moved that the bill be read the third time and passed.
Mr. Speaker, I am very pleased to have the opportunity to rise today and speak about my bill at third reading. Right from the beginning, this bill has had incredible support from all the parties, which makes me especially proud.
I would like to start right away by extending my thanks and gratitude to some hon. members who, with their support and wise counsel, helped make Bill C-419 a real success.
First, I would like to thank the member for Ottawa—Orléans for his contribution to the final version of the bill. His enthusiasm for protecting language rights is probably already well known across all the French-speaking communities in Ontario. I extend my sincere thanks to him. As he himself kindly said to me in committee,
[Member spoke in Russian, as follows:]
My thanks also go to the members of the Standing Committee on Official Languages, who all contributed in a caring, intelligent and visionary manner to this bill. The member for Winnipeg South Centre, the member for Durham, the member for Pickering—Scarborough East and the member for Etobicoke—Lakeshore gave their clear support and full consideration to the bill.
The member for Saint-Laurent—Cartierville also expressed his strong support during his remarks on this subject. It is always reassuring when a great intellectual of his calibre unequivocally supports one's proposals. I truly appreciate that and thank him for it.
Several other government members have believed in Bill C-419 from the beginning, and I would like to remind them that their timely support did not go unnoticed. Without their good will, this bill would have died a long time ago.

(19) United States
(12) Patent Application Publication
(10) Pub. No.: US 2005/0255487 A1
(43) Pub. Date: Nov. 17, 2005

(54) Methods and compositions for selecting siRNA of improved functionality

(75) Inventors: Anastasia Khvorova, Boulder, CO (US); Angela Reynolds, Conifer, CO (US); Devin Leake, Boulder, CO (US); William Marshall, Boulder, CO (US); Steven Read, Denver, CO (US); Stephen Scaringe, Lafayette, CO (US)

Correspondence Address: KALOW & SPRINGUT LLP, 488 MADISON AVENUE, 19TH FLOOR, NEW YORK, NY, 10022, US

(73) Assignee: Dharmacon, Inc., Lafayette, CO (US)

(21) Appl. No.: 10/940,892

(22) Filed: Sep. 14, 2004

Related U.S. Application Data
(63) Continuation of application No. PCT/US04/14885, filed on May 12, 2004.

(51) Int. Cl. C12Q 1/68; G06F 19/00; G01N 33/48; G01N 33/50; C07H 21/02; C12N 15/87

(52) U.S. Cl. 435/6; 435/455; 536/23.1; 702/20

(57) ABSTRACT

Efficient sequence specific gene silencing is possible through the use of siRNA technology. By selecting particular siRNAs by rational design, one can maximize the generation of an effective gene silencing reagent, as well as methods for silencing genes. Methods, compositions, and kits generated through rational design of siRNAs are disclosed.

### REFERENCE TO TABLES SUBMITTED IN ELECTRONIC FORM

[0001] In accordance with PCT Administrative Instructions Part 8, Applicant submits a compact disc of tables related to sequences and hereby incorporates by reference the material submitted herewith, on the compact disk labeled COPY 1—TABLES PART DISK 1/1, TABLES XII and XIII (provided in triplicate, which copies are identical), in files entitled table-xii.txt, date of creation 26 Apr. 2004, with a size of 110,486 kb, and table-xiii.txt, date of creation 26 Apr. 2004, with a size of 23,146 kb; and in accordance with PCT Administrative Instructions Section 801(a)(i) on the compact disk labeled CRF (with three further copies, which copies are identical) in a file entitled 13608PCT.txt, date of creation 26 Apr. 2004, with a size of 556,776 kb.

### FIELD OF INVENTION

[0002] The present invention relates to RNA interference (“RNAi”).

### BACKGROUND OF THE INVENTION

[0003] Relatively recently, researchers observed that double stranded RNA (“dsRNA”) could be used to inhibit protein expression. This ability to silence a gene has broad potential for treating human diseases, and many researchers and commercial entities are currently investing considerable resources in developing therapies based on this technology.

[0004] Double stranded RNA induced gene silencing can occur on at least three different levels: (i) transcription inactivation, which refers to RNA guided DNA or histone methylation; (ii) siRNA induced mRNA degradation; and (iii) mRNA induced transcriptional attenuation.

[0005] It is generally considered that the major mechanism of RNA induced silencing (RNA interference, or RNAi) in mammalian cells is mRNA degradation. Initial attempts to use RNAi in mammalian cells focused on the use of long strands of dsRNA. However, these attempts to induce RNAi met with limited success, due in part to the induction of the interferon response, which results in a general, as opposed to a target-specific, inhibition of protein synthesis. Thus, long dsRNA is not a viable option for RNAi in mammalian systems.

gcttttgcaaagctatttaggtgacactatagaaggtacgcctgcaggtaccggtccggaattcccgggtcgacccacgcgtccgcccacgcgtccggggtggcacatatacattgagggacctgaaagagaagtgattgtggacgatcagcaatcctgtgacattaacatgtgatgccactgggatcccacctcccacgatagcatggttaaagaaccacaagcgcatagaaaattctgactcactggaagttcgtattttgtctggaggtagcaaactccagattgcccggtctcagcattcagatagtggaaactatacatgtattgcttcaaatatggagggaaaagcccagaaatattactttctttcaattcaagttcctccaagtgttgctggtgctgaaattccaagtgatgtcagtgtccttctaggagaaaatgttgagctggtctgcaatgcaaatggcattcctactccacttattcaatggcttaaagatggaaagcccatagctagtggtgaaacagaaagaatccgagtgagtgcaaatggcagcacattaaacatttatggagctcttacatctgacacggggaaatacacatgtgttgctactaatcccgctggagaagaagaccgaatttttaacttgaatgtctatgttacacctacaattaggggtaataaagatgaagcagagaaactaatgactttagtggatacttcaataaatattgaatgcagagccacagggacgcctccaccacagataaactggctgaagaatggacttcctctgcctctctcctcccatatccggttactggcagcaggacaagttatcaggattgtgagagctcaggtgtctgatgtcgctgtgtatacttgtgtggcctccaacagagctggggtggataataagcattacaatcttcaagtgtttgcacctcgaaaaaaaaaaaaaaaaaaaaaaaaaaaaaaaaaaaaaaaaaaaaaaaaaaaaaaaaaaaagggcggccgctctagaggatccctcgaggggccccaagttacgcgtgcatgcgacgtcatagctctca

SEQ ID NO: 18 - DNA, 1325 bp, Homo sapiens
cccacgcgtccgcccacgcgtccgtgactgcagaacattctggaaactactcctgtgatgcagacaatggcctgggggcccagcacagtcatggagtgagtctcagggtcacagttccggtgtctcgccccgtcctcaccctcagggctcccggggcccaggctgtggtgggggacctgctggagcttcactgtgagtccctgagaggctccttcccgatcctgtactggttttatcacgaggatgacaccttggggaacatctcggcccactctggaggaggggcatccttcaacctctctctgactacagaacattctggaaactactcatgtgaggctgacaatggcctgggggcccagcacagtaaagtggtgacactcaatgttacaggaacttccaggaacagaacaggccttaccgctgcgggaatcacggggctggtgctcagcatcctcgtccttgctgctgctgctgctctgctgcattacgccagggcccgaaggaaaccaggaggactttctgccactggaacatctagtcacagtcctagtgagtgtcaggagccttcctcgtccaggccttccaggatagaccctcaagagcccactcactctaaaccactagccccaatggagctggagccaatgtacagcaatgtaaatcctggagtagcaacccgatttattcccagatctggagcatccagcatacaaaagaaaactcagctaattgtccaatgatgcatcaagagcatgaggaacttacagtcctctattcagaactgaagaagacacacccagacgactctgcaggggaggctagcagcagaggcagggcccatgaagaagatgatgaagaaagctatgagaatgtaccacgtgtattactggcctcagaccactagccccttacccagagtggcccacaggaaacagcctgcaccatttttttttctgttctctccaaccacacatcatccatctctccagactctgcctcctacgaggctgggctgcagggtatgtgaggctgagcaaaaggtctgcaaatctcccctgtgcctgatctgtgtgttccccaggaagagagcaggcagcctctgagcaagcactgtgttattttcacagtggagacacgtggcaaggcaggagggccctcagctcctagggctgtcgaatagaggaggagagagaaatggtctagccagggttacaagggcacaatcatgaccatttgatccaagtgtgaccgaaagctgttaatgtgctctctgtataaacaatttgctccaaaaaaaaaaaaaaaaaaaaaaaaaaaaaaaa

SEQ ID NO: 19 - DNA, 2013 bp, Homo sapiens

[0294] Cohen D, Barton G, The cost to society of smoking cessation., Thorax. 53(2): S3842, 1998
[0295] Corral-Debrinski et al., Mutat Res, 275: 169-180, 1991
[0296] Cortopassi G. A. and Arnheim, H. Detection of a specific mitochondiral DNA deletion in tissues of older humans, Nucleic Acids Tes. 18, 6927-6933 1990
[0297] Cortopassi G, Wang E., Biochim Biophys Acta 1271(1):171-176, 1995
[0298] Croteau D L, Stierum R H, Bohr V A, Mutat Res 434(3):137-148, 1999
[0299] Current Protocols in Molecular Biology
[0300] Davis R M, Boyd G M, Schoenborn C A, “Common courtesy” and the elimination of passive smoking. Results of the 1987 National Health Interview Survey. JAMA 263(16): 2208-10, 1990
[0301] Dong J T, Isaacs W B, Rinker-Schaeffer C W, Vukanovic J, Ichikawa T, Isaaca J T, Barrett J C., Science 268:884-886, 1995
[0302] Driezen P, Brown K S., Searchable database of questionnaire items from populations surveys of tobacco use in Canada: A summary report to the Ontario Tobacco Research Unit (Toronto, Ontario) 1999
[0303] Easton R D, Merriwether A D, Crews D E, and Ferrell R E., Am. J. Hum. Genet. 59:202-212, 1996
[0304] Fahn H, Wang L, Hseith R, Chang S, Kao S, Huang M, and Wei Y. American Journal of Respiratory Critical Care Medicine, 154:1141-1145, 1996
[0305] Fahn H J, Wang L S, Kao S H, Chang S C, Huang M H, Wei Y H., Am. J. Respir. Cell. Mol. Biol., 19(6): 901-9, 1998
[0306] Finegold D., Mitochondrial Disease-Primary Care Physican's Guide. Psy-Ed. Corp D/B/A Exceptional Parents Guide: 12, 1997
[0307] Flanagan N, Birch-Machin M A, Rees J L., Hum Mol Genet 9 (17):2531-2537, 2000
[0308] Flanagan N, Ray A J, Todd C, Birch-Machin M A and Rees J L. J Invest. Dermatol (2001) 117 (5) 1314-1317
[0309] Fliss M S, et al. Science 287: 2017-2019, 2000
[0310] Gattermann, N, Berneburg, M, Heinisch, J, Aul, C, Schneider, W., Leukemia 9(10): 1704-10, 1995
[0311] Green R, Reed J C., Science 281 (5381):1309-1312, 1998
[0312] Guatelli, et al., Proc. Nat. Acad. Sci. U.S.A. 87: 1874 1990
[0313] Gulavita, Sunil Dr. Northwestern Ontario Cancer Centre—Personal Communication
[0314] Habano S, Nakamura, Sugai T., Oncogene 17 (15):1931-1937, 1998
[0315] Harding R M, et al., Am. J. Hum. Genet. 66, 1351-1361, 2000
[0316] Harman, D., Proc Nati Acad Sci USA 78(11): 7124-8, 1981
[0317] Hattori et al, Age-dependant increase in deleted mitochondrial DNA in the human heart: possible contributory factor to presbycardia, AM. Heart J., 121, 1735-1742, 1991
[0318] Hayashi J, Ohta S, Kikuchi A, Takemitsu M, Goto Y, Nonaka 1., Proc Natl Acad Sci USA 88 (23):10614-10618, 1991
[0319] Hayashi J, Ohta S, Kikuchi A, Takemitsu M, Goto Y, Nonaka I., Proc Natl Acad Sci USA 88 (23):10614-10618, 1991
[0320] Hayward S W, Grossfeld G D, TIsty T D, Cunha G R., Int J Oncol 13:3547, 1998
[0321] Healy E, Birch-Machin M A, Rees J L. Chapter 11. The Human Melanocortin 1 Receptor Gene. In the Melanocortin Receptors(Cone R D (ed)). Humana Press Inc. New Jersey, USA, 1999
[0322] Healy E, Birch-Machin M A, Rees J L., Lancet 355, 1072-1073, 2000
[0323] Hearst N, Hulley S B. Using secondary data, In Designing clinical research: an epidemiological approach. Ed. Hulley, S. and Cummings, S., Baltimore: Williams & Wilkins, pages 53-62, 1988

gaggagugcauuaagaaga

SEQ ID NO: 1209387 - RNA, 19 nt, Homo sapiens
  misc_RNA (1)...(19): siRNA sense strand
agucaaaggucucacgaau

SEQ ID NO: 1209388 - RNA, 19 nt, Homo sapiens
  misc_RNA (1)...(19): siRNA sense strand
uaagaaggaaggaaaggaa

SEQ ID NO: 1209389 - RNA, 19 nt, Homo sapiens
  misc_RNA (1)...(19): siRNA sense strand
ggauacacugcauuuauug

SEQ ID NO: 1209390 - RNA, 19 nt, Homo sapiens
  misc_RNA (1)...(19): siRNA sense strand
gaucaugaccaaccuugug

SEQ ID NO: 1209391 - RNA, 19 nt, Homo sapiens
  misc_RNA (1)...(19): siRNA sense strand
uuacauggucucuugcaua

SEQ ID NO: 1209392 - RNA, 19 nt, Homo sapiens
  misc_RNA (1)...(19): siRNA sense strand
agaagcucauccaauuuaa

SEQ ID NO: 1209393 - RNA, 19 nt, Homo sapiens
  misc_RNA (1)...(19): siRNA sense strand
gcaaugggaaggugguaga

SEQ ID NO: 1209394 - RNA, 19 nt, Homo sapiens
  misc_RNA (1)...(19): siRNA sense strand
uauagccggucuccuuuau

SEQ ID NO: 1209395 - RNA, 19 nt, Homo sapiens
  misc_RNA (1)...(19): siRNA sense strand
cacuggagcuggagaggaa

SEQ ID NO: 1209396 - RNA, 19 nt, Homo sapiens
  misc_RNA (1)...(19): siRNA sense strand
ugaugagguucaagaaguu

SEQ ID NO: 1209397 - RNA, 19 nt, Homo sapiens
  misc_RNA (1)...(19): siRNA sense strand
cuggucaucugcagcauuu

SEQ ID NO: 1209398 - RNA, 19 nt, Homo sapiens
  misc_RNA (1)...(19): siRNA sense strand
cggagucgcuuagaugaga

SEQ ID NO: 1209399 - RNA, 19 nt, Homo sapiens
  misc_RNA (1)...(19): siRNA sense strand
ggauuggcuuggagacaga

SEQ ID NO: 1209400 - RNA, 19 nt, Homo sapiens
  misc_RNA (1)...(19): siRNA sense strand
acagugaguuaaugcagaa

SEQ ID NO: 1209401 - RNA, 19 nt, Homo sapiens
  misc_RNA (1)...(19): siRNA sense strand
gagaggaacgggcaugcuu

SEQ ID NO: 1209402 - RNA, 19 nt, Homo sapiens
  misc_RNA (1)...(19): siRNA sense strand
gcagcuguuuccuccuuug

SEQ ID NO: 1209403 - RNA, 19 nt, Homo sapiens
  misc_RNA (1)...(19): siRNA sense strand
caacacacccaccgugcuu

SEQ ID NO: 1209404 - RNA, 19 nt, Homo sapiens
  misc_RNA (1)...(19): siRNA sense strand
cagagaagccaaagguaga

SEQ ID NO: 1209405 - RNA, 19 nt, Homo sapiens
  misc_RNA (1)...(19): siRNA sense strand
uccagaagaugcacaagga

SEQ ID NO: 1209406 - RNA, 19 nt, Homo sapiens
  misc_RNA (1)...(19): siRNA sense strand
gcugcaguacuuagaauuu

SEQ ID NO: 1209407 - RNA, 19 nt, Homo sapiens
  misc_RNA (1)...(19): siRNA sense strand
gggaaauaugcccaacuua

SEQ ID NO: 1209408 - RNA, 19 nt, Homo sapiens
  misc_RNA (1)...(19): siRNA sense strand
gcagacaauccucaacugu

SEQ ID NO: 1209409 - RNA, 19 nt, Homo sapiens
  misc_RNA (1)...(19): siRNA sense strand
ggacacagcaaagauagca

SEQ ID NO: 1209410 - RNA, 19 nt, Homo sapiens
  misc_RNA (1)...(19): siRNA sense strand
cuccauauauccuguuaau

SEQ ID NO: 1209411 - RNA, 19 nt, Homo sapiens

Naturally, I would also like to thank the many NDP members who contributed to my bill. One person in particular deserves to be mentioned. I would like not only to thank the member for Acadie—Bathurst, but also to give him a big hug and let him know that I will be forever grateful. I can take a breather now, but his battle wages on, and I wish him all the success he deserves.
I feel fortunate to be celebrating the second anniversary of my May 2011 election to Parliament during the first hour of the third reading of my bill. Never could I have dreamed of coming so far so fast. I am very proud of that and of having been able to work so productively with all parties in the House of Commons.
The fact that Bill C-419 has reached third reading proves to Canadians that we know how to work together. Even though our political visions can be poles apart, we fully agree on certain points.
I can claim victory today because all parties collaborated for the purpose of protecting the rights of Canadians in minority language communities. What we are doing today strengthens the very foundation this country is built on. Many of us here in Canada's Parliament, along with thousands—millions, even—of Canadians, sincerely love this country's two official languages. I am one of those Canadians. My love for English in no way diminishes my attachment to my own language. Divisiveness has never arisen because of language itself, but because of political constructs relating to it.
More and more, I have come to realize that political divisions are often unhealthy. Not only are they ridiculously artificial, but they can also prevent people from thinking honestly about the problems we are facing. Today we have a rare opportunity to celebrate together. We have stepped away from the scourge of adversarial politics, and that is a good thing.
Bill C-419 has emerged from committee significantly abbreviated. Though it is now a relatively short and simple bill, it originally contained a number of different elements related to one central issue.
This core element, the list of the 10 officers of Parliament, was supported by four other elements: a preamble, an explanation of the language requirements for the 10 positions, the flexibility to allow the Governor in Council to add more positions to the list and, finally, clarification on acting positions.